A young female medium on tour sees a hitman killing a whistleblower in her vision. The killer finds out about this and plans to kill her as well. The skeptical police, her manager father and a curious journalist try to protect her.
Hoping to cure his violent seizures, a man agrees to a series of experimental microcomputers inserted into his brain but inadvertently discovers that violence now triggers a pleasurable response his brain.
Martha Travis is a medium who makes contact with spirits "on the other side" and connects them with their loved ones still alive, in public performances. Trouble begins when she gives a message to Mary Kuron from her husband, Tom. But Tom isn't dead - yet. And Martha not only knows he will die, she also knows who killed him. And the murderer knows she knows. Her exploitative elderly alcoholic father and manager, Walter Travis, and Gary Wallace, a skeptical investigative reporter fascinated by the story who eventually falls for Martha, try to protect her, and so does the skeptical police - or do they.Written by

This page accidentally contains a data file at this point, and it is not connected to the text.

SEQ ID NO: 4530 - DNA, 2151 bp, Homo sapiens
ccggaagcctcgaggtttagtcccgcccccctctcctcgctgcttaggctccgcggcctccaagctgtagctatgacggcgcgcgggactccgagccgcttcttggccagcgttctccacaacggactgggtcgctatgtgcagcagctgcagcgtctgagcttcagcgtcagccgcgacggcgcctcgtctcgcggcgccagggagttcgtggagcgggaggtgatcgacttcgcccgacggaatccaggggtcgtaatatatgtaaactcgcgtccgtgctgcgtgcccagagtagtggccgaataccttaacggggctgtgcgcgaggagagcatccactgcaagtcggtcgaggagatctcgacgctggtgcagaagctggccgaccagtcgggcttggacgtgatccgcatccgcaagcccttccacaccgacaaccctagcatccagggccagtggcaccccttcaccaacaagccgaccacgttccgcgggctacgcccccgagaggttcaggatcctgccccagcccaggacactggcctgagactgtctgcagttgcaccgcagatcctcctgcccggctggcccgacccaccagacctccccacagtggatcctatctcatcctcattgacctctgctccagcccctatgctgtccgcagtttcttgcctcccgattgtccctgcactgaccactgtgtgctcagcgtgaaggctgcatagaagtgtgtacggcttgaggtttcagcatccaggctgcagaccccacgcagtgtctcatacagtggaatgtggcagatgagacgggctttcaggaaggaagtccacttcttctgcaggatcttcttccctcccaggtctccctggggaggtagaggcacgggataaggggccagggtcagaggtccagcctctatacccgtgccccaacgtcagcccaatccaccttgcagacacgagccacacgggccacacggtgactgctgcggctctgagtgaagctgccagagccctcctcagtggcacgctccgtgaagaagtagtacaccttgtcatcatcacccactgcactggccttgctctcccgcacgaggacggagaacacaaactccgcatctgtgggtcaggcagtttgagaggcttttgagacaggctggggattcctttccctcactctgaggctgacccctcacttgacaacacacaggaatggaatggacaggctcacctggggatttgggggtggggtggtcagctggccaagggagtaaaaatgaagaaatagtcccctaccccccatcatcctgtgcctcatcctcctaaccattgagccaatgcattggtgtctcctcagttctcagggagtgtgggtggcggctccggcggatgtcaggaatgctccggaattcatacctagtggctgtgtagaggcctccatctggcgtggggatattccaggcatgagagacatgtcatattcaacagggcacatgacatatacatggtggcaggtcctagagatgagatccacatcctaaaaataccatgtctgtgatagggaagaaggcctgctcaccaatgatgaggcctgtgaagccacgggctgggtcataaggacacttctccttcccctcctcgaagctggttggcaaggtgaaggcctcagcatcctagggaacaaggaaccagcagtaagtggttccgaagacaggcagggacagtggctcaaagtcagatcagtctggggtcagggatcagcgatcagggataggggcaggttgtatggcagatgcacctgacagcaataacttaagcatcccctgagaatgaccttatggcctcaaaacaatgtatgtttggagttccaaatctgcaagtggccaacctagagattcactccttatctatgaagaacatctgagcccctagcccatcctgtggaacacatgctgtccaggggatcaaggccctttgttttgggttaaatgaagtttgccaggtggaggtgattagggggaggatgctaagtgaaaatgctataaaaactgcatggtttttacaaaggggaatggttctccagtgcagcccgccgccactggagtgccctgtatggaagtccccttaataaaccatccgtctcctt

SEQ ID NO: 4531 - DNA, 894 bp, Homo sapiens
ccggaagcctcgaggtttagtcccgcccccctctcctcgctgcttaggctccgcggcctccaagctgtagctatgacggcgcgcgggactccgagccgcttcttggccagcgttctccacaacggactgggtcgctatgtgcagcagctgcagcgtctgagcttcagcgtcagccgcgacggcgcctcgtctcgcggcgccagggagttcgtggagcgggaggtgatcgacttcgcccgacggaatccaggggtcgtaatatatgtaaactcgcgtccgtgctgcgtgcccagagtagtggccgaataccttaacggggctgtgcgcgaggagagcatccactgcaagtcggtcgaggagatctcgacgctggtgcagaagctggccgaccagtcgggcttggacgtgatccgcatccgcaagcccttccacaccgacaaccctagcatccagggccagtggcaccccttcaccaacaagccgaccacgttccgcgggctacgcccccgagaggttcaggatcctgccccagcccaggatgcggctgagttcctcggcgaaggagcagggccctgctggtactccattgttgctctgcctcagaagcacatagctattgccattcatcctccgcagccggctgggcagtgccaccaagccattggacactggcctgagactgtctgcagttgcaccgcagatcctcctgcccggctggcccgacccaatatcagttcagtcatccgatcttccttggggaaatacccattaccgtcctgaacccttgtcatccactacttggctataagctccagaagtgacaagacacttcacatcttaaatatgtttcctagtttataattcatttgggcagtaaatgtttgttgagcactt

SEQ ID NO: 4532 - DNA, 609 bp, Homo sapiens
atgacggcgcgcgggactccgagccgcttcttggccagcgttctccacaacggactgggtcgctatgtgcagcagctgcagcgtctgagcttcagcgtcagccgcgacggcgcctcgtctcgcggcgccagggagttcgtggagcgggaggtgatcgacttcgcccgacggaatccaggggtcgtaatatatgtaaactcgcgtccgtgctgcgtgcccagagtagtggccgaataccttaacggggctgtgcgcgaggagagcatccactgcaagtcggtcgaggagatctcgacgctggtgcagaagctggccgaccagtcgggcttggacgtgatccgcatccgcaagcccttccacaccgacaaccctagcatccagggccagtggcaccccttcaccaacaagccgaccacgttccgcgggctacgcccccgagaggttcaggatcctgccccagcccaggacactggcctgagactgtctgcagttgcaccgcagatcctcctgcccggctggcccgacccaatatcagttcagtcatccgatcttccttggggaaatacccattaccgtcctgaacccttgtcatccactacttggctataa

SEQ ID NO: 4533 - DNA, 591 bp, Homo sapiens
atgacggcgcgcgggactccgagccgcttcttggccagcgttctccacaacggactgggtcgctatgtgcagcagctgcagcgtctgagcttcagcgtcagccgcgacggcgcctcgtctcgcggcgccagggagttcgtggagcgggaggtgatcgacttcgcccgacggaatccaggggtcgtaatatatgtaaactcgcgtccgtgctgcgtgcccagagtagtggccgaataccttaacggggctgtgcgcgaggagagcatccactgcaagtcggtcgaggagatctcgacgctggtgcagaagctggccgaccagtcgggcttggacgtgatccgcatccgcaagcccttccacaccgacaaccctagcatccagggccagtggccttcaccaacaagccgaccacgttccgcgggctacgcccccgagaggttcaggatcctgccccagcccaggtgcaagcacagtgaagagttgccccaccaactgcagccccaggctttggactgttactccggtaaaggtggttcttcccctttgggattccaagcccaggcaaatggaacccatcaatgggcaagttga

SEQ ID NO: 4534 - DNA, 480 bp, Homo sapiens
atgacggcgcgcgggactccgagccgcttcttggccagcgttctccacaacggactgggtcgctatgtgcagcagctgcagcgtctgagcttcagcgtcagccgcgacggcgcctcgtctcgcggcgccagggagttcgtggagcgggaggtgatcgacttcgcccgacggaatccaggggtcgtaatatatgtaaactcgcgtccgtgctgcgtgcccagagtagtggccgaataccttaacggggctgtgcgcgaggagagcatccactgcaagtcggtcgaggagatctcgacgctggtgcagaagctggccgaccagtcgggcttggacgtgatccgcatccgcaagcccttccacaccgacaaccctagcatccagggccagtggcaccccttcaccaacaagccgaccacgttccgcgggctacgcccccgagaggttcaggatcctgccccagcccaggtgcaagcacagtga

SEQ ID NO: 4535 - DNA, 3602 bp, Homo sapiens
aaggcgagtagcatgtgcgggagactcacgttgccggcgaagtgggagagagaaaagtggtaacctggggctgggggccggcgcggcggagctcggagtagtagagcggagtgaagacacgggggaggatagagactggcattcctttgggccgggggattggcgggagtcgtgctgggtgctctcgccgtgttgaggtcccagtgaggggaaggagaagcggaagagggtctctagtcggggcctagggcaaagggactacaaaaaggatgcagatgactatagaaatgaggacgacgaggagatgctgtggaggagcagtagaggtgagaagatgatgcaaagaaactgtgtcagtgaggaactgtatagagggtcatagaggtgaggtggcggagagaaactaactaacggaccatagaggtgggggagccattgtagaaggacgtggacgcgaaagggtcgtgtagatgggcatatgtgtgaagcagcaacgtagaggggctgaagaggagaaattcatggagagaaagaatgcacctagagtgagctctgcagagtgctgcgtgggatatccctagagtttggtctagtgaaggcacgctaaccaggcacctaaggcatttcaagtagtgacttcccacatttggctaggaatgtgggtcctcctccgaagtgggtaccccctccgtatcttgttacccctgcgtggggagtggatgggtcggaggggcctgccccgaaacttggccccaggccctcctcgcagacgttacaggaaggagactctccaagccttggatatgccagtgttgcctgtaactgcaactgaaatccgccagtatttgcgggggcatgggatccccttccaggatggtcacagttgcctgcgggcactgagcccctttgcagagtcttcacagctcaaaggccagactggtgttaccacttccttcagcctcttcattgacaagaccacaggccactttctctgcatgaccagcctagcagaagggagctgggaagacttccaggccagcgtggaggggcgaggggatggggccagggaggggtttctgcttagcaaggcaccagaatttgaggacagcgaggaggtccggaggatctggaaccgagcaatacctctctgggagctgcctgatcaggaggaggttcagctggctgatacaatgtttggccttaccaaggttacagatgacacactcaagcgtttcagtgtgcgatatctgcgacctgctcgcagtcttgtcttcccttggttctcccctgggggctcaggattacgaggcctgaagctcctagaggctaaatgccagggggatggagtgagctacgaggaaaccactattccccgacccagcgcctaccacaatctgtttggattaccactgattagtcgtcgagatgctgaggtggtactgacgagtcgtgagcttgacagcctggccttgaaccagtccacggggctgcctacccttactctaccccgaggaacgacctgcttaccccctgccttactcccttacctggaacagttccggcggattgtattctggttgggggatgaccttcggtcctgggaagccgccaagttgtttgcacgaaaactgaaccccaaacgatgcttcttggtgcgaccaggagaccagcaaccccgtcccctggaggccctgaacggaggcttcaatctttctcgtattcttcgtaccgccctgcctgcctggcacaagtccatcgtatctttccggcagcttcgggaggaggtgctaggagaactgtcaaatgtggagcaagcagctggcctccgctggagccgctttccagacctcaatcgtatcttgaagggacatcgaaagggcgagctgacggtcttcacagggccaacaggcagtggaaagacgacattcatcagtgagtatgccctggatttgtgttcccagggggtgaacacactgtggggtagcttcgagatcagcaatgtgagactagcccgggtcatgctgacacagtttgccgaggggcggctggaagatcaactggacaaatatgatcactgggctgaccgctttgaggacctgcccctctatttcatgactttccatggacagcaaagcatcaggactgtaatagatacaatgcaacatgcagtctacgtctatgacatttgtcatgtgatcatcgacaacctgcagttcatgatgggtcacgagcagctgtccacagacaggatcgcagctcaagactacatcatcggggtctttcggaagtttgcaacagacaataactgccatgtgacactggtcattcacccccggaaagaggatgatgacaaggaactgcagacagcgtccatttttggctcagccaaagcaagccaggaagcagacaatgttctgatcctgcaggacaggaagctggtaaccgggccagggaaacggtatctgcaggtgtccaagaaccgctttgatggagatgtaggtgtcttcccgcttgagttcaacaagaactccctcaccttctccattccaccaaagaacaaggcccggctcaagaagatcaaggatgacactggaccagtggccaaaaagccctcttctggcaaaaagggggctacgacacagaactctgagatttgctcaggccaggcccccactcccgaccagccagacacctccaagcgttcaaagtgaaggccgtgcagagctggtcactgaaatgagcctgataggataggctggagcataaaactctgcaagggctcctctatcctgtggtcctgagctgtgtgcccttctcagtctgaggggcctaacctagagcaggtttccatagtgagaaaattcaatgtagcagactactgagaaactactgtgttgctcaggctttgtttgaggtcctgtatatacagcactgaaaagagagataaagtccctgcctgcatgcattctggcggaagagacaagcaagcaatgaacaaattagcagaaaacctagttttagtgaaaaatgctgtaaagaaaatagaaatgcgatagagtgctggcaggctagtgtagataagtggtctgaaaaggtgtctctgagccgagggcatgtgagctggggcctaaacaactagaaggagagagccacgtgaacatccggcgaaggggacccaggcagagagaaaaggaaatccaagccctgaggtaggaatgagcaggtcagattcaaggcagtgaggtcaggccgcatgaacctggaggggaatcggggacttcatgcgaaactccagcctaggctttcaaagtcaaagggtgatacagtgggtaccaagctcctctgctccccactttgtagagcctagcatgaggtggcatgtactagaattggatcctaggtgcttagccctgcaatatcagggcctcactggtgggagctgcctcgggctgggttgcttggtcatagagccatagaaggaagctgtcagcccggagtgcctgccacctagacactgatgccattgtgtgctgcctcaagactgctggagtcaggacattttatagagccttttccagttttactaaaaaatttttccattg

Yuval Kfir <yuval.kfir@Indigo.co.il>
Rosanna Arquette hired a real-life psychic called Laura Day and prepared for the role together with Day and her own acting coach Susan Batson. However, their interpretation of the way Martha should act during her seances was vetoed by director Mike Hodges. He wanted Martha's act to be a subdued performance, and not one filled with energy and emotion like that of a televangelist. After a serious clash over this, even though quite upset, Arquette eventually gave in and agreed to play the scene the way Hodges wanted. She later agreed that when it comes to these seance scenes, his colder and 'more English' approach did indeed give better results than her more lively 'American' approach. See more »
This is not a film everyone would enjoy. It takes a poke at an old and established con game -- for want of a more precise term, fake mediumship -- and then stands it on its head.
Before an audience in a mining town, Arquette's character tells various audience members of their losses, while the victims are still alive! She's proved to be wrong, and then, later, the persons die in the manner she describes. This happens more than once. Had she been a local lady, she might have been a murder suspect, or possibly hanged as a witch.
The story builds slowly, and each incident just throws another log on the fire, making the atmosphere murkier and more mysterious. The film opens ambiguously and ends the same way.
As noted before, not for every taste. But for those with the appropriate taste buds, the taste of this is rich and flavorful.
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